Classical vacuum-tube mixers in the amateur radio literature and in vintage amateur radio equipment are commonly grid- or cathode driven with a tube-based LC or crystal oscillator. This is fitting because such circuits commonly require several to tens of volts of local-oscillator (LO) drive at a high impedance. Driving a classical vacuum-tube mixer with a solid-state LC or crystal oscillator that operates at a low power-supply level is difficult.
Figure 1 shows a mixer circuit that solves this problem. Its core is a 6SH7 sharp-cutoff pentode with its control grid resonant at the incoming-signal frequency and its plate circuit resonant at the desired intermediate frequency. LO energy is applied to the gate of a 2N7000 MOSFET connected as a switch between circuit common and the ground returns of the pentode's cathode bias resistor and cathode bypass capacitor.
|Figure 1—Circuit of the hybrid pentode-MOSFET regenerative mixer. Only an LO peak voltage high enough to turn on the 2N7000—per its specifications, 0.8 to 3 V, typically 2.1 V—need be applied to its gate; if necessary, dc bias can be applied to the 2N7000 as shown in Figure 2. Although this drawing shows the pentode screen fed by means of a voltage-dropping resistance, powering the screen via a voltage divider or voltage-regulated supply is recommended to establish a fixed cutoff voltage for the tube.|
|Figure 2—Options for biasing the 2N7000 when the available LO peak voltage is insufficient to turn on the 2N7000. I use Option A in a modified Allied A-2516 receiver and in the modified first mixer of a Heathkit HW-16 transceiver.|
Figure 2 shows options for biasing the 2N7000 in situations where the available LO voltage is too low to turn on the 2N7000. (This is the case in my modified Allied A-2516 receiver, in which the local oscillator—now operating at 9 V instead of 18 V as in a stock receiver—is amplified only by a BJT follower before application to associated circuitry.) Adjusting the bias level by ear while receiving signals in a busy band segment is sufficient for non-critical use.
The 270-Ω resistor in the 6SH7 grid acts to offset the 6SH7's negative resistance to disallow oscillation. It may or may not be necessary—or a value other than 270 Ω may be more optimal—in a given application.
The switched-amplifier mixer can be used in RF-to-IF and IF-to-AF applications. That is, it works as a mixer for RF and also as a so-called product detector for rendering RF signals as audio. I've had success in using the Figure 1 circuit to turn an IF amplifier tube into a detector (6EW6 IF amplifier in a modified Heathkit HW-16 transceiver) and also in using a high-transconductance beam power tube (8106) as the detector in a modified Allied A-2516 receiver. When using the circuit as an RF-to-AF mixer, it's important to minimize beat frequency oscillator (BFO) pickup by the switched-amplifier grid, gate or base; otherwise, that not-caused-by-ac-line-induction species of audio hum known all too well to direct-conversion-receiver experimenters may result.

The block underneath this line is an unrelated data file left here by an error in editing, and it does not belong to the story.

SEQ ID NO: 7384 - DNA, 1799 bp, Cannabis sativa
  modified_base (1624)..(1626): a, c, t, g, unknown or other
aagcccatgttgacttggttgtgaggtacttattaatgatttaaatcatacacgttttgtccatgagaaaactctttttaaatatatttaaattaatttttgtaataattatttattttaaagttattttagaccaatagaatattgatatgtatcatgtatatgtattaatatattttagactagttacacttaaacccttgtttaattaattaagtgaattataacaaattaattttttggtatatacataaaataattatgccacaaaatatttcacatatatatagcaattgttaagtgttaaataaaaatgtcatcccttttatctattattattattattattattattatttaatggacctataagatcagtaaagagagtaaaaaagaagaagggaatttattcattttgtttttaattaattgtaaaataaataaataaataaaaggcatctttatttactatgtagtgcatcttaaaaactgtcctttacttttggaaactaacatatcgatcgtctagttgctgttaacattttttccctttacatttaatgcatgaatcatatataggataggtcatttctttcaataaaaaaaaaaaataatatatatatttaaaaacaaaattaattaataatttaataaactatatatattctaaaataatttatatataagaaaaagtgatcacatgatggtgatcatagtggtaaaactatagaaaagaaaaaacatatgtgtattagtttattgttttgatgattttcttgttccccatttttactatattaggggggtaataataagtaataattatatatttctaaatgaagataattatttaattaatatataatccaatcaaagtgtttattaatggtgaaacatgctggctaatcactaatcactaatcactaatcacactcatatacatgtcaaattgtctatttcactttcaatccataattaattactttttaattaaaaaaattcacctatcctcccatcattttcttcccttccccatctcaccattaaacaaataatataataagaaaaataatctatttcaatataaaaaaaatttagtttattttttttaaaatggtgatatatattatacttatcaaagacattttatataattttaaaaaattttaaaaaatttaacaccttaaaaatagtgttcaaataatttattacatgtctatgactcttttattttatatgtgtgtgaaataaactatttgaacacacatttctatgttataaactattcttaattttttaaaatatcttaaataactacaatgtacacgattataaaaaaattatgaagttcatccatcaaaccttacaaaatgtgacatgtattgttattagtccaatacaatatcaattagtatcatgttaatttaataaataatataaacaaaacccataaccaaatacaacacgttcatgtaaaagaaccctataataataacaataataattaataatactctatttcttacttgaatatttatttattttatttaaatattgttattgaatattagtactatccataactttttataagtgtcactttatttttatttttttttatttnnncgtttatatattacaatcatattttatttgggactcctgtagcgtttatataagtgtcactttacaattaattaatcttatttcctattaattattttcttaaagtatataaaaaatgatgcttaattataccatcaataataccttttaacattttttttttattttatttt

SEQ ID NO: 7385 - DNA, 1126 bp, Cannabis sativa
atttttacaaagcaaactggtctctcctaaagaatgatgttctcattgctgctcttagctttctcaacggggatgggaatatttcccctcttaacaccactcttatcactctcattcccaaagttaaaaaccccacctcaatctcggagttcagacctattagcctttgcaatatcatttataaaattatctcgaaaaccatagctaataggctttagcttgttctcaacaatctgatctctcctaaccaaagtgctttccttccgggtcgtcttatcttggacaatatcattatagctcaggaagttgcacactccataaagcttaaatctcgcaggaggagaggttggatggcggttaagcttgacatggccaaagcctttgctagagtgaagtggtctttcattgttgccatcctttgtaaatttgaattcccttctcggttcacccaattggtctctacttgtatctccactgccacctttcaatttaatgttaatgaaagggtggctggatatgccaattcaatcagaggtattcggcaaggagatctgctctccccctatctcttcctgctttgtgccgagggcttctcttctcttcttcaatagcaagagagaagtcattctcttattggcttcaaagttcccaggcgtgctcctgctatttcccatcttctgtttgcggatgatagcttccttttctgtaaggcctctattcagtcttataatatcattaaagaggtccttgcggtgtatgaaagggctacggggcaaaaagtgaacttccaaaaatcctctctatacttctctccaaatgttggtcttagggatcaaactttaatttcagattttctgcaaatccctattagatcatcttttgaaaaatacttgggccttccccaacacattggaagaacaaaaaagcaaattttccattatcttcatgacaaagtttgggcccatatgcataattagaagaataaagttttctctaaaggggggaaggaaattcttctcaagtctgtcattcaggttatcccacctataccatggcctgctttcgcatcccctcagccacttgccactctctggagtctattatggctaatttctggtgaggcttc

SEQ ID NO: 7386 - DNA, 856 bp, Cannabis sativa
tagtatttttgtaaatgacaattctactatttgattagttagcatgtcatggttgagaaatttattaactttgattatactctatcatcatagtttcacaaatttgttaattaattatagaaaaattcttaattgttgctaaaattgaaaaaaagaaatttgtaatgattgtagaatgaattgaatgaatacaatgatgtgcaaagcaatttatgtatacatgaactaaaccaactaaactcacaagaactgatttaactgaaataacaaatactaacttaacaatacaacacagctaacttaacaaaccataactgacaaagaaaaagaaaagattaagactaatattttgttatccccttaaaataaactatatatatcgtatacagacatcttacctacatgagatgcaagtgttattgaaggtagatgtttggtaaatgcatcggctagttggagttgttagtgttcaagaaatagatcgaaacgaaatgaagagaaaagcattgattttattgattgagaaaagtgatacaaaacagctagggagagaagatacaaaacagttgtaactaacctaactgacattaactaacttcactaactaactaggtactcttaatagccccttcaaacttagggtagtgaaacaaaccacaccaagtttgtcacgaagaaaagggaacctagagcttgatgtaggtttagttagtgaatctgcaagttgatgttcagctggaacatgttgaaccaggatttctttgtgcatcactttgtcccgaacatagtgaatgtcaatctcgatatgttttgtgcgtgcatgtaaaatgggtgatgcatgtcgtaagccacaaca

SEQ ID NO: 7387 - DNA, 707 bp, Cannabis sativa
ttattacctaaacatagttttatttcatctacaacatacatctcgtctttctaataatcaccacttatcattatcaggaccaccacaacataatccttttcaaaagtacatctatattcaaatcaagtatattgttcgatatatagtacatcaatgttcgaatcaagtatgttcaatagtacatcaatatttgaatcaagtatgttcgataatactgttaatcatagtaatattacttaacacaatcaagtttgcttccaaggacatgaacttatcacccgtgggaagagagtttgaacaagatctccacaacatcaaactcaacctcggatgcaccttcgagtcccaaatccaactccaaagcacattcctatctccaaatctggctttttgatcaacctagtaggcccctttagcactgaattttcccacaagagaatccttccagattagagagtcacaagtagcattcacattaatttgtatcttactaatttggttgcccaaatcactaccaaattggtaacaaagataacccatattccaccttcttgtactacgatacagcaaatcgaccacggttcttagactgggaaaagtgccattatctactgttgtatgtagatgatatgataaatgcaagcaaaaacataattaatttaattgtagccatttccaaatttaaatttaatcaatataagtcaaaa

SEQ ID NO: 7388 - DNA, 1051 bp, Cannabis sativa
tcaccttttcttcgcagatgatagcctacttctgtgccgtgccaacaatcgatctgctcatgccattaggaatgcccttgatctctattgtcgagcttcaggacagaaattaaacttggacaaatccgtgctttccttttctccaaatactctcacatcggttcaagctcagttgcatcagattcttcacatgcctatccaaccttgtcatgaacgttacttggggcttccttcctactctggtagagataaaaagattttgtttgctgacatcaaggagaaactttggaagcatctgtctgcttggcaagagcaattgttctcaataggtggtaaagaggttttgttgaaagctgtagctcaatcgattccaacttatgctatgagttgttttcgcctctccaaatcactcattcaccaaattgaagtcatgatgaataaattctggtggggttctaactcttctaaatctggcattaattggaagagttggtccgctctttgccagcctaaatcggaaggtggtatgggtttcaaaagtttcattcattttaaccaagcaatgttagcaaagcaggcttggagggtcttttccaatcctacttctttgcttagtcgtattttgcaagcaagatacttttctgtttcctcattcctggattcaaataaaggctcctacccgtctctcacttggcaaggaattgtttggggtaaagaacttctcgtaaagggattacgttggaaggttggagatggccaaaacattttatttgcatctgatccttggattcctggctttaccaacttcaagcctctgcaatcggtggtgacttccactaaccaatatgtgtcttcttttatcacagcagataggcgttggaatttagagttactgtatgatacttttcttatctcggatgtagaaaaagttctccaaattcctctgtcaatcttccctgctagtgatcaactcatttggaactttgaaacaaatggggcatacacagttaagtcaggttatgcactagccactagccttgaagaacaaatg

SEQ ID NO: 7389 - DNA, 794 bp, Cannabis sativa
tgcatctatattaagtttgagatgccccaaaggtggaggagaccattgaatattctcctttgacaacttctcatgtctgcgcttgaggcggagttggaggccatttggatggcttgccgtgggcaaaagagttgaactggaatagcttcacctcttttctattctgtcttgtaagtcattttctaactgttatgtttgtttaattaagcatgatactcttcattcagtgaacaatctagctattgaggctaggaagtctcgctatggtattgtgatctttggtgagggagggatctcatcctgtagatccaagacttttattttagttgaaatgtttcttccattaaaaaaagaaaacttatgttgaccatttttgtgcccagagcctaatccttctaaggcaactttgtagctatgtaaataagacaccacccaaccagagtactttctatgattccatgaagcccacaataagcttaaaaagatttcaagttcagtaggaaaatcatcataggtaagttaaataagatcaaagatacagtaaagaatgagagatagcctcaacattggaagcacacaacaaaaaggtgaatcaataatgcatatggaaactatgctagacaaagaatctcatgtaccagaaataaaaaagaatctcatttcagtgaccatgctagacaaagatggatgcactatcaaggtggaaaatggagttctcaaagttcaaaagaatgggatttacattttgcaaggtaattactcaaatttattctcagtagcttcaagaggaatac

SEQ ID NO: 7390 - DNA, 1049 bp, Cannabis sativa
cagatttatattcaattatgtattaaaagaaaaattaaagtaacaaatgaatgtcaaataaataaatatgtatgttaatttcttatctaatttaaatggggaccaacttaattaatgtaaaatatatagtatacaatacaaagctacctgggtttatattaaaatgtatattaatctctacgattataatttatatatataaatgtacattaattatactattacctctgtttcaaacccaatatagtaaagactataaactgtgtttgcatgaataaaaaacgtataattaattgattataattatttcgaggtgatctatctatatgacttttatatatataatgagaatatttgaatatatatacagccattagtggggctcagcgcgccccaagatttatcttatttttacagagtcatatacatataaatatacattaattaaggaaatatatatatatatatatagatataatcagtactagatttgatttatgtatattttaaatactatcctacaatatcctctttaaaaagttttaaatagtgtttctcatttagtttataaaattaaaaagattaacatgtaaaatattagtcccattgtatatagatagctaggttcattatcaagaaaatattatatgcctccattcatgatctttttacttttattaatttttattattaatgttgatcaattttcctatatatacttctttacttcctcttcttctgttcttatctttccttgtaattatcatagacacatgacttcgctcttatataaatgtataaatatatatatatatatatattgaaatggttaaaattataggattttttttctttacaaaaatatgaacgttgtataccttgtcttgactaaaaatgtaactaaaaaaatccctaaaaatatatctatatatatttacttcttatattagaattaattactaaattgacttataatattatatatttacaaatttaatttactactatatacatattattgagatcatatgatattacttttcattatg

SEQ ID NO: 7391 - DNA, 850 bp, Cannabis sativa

Whence the Regeneration?
Why the Figure 1 circuit is regenerative may not be immediately apparent. But when we realize that an RF pentode tube has a grid-to-cathode capacitance on the order of 10 pF and that a 2N7000 FET has a drain-to-source capacitance of 10 to 25 pF, we see that we've set up a Colpitts capacitive voltage divider. This isn't speculative; I confirmed on the bench that the circuit can oscillate when the Q of the tuned-circuit inductor is sufficiently high and the parallel capacitance shunting the Colpitts divider is sufficiently low. (A coil of a few microhenries will suffice.)
On confirming that regeneration in the Figure 1 circuit occurs by means of Colpitts-divider-based feedback, I realized that I had encountered this effect (other than in oscillators) before: as the cause of instability in pentode mixers used by Goodman in his band-imaging receiver designs, and as the mechanism underlying output enhancement in an ill-explained "regenerative" frequency-multiplication scheme for transmitters (Figure 3).
|Figure 3—Now that we know that regeneration in the Figure 1 circuit comes from the operation of Colpitts-capacitive-divider-based feedback, we can more fully describe the mechanism underlying output enhancement in this frequency-multiplier circuit from the 1947 Radio Handbook. I can't be the only reader of such treatments to have been frustrated by the ascription of feedback to just "[an] undersized cathode bypass capacitor and large cathode resistor"!|
Replacing the Pentode with Cascoded JFETs
The 2N7000 MOSFET works equally well when switching the solid-state analog of a vacuum tube cathode. Figure 4 shows how junction field-effect transistors (JFETs) can be used to implement an all-solid-state version of the mixer circuit.
|Figure 4—The 2N7000 switch works equally well with the two-cascoded-JFET, synthetic-tetrode mixer described and evaluated by Campbell, Hayward and Larkin in Experimental Methods in RF Design. Here the switching signal is provided by a BJT Pierce crystal oscillator, with the 2N7000's gate-to-source capacitance serving as part of the capacitive voltage divider on which the Pierce depends. For the output transformer core I used a toroid of -43 ferrite material; per EMRFD, -61 ferrite material would provide higher gain. In the implementation of this mixer now in use as the RF-to-IF frequency changer in my modified Allied A-2516 receiver, the output tuned circuit consists of the 1415-kHz BFO transformer from a 3- to 6-MHz "Command" receiver, modified to tune to 1843 kHz, with the 3.3-kilohm loading resistor omitted. (And what's a Regenerodyne? Glad you asked!)|
|Revised December 28, 2015 CE.||Copyright © 2014–2015 by David Newkirk (DavidNewkirk@gmail.com). All rights reserved.|